The Paleoecology Group at the Institute of Plant Sciences has just organised the International Moor Excursion (IME). This traditional event aims to extensively discuss new paleoecological and paleoclimatic results in the landscape and at the study site. Every year paleoecologists from around the world meet in Europe and elsewhere on invitation of an organising research group. This year's excursion took the 45 participants from four continents to Sicily and Pantelleria from 12 - 19 September 2010. "The excursion week was a complete success", said organiser Willy Tinner. If any further proof was needed – even the Giornale di Sicilia reported on the event ("50 studiosi di ambienti preistorici in giro per i laghi siciliani a caccia di segni del passato.")
OCCR member Isabelle Larocque, a postdoc researcher at the Lake Sediment and Paleolimnology Group at the Institute of Geography, is featured in the latest issue of the SNFS's magazine Horizonte. The article is on her climate reconstruction project at the Lake Silvaplana which is part of a European initiative called Millenium Project.
The OCCR regularly invites researchers to spend six months at the Oeschger Centre and become involved in our activities. At present the OCCR's visiting scientist is Mark Battle from Bowdoin College, Brunswick, Maine, USA. He is an associated professor at the Physics and Astronomy Department and his research interests are in atmospheric composition and climate change. He is hosted by Markus Leuenberger, Climate and Environmental Physics Division at Physics Institute. Mark can be contacted on tel. 031 631 44 70 and firstname.lastname@example.org. Oh, and don't miss Marks personal webpage – it is funny!
Paleoecology Group, Institute of Plant Sciences:
Christoph Schwörer studied environmental sciences at the ETH Zurich. The topic of his Ph.D. thesis is "Holocene Vegetation and Climate Dynamics at the Iffigsee, a lake at treeline in the Northern Swiss Alps".
Plant Ecology Group, Institute of Plant Sciences:
Stefan Blaser did his M.Sc. in biology at the University of Bern. He now works as a Ph.D. researcher on "Effects of land use change on the diversity of dead wood fungi in forests".
Christophe Bornand did his M.Sc. in biology at the University of Basel. The topic of his Ph.D. thesis is "Analysis of plant species distributions in Switzerland".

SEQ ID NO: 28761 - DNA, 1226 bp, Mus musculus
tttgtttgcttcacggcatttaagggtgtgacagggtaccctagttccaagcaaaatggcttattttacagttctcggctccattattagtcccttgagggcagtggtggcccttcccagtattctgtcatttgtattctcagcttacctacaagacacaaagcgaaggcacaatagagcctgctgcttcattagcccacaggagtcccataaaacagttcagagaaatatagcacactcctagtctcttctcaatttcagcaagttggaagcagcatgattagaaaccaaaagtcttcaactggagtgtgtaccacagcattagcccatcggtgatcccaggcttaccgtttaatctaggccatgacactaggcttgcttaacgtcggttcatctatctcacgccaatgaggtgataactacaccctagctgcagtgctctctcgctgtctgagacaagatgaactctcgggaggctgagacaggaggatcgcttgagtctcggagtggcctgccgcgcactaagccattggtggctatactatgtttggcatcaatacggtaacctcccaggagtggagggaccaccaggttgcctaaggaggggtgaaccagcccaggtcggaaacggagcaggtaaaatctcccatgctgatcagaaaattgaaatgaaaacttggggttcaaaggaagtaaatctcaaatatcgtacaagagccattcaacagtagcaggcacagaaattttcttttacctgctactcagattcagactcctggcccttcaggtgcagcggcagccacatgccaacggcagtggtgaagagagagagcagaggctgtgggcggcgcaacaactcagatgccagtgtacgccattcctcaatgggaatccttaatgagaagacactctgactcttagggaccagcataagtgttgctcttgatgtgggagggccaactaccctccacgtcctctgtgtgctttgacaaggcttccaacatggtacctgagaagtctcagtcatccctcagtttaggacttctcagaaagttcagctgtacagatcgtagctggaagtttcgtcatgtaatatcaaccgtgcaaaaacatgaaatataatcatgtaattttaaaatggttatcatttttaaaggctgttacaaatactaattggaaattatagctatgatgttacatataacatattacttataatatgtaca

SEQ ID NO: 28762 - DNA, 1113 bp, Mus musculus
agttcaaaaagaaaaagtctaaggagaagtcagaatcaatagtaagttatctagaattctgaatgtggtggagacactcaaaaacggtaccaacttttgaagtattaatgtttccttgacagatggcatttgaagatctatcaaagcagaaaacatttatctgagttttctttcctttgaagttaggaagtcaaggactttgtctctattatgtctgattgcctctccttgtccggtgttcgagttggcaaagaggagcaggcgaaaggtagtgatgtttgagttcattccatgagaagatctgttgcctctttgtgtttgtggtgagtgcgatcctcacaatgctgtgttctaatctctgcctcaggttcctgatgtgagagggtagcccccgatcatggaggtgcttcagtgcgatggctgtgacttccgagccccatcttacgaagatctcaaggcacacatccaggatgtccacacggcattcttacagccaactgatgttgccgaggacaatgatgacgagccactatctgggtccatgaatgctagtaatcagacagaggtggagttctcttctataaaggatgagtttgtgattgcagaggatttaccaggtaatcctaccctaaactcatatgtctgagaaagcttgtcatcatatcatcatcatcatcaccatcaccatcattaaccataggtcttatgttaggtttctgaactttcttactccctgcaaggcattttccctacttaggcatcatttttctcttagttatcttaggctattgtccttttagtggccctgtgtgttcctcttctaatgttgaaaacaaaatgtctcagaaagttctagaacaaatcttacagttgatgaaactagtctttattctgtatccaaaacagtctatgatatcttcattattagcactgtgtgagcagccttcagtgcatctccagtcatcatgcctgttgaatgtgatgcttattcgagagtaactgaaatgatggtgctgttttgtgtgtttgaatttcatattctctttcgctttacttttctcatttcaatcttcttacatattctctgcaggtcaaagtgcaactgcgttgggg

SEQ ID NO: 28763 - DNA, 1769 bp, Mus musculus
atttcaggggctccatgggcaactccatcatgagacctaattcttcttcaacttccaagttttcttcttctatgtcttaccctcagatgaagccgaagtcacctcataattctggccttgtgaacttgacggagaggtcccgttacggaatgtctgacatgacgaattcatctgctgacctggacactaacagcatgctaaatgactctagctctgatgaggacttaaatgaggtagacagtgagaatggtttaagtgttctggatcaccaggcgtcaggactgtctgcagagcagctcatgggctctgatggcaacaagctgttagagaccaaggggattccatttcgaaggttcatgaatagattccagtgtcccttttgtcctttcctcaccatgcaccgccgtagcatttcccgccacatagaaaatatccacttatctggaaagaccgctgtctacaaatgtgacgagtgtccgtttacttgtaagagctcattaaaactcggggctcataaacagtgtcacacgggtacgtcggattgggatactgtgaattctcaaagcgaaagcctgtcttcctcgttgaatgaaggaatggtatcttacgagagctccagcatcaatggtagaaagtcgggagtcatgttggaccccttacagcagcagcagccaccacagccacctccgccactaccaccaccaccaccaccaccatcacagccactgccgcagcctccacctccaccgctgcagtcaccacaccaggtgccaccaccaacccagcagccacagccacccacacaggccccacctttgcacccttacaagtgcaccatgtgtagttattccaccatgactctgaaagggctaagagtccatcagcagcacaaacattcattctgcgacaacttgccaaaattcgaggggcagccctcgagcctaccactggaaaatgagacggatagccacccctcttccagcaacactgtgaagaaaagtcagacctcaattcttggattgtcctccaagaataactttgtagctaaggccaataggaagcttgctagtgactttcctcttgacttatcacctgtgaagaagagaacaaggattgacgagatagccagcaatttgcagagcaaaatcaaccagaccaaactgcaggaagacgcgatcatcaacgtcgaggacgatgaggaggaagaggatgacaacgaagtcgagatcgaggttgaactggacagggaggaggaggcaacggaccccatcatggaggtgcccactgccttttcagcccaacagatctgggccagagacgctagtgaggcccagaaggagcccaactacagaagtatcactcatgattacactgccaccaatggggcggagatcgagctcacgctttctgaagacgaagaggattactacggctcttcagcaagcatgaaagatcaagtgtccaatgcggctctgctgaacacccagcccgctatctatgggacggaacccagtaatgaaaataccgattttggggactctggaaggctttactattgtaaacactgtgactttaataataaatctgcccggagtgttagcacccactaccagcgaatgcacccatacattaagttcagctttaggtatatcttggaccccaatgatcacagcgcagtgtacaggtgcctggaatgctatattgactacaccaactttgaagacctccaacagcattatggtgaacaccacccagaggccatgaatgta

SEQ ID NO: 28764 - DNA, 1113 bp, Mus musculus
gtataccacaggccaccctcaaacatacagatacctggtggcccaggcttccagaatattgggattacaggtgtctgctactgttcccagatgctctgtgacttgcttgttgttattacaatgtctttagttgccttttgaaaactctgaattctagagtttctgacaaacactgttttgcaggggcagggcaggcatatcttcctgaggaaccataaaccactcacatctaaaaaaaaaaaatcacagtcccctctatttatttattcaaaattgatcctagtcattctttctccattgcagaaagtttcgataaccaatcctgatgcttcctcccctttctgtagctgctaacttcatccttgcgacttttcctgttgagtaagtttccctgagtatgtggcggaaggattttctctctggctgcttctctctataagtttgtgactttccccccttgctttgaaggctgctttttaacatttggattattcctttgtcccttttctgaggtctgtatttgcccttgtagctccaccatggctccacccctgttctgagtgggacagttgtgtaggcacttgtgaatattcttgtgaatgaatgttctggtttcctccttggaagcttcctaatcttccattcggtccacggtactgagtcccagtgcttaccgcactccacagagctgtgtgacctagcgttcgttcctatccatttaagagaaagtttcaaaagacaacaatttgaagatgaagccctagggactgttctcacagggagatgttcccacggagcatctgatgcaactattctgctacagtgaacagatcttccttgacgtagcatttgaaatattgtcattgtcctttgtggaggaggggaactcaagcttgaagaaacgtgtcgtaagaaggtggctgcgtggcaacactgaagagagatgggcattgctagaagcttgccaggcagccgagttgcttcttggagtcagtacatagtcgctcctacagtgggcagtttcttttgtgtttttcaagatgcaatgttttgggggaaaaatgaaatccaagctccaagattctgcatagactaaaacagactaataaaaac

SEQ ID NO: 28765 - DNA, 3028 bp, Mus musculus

Andreas Ensslin obtained his M.Sc. in biology from the University of Marburg, Germany. He now works on "Plant diversity in relation to climate and land use on Mt. Kilimanjaro" as a Ph.D. student.
Corina del Fabbro did her M.Sc. in biology at the ETZ Zurich. The topic of her Ph.D. thesis is "Testing the generality of the novel weapon hypothesis of invasive plants".
Juliane Preuschkas obtainded a Diploma in biology from the University of Hohenheim, Germany and works now on her Ph.D. project. Her current research is on "Invasibility of Swiss grasslands".
Gemma Rutten has a M.Sc. in biology from the University of Nijmegen, The Netherlands. She started her Ph.D. on "Plant diversity in relation to climate and land use on Mt. Kilimanjaro".
Barbara Schmitt gained a Diploma in biology from University of Münster, Germany. The topic of her Ph.D. thesis is "Effects of land use change on plant functional diversity in grasslands and forests".
Michaela Zeiter has joined the Paleoecology Group as a postdoc. She already did her Ph.D. at Institute of Plant Sciences and does research on "Ecology of semi-natural dry grasslands and invasibility of grasslands".
Climate and Environmental Physics Division, Physics Institute:
Laurie Menviel received her Ph.D. at the University in Hawaii in 2008. She will study past climate and carbon cycle variations in the Earth System-Biogeochemical Modelling group.
Anil Bozbiyik has started his PhD and will implement carbon isotopes into the Community Earth System Model. He received his Master in Science of Climate Change in Bern.
A big welcome to all of you!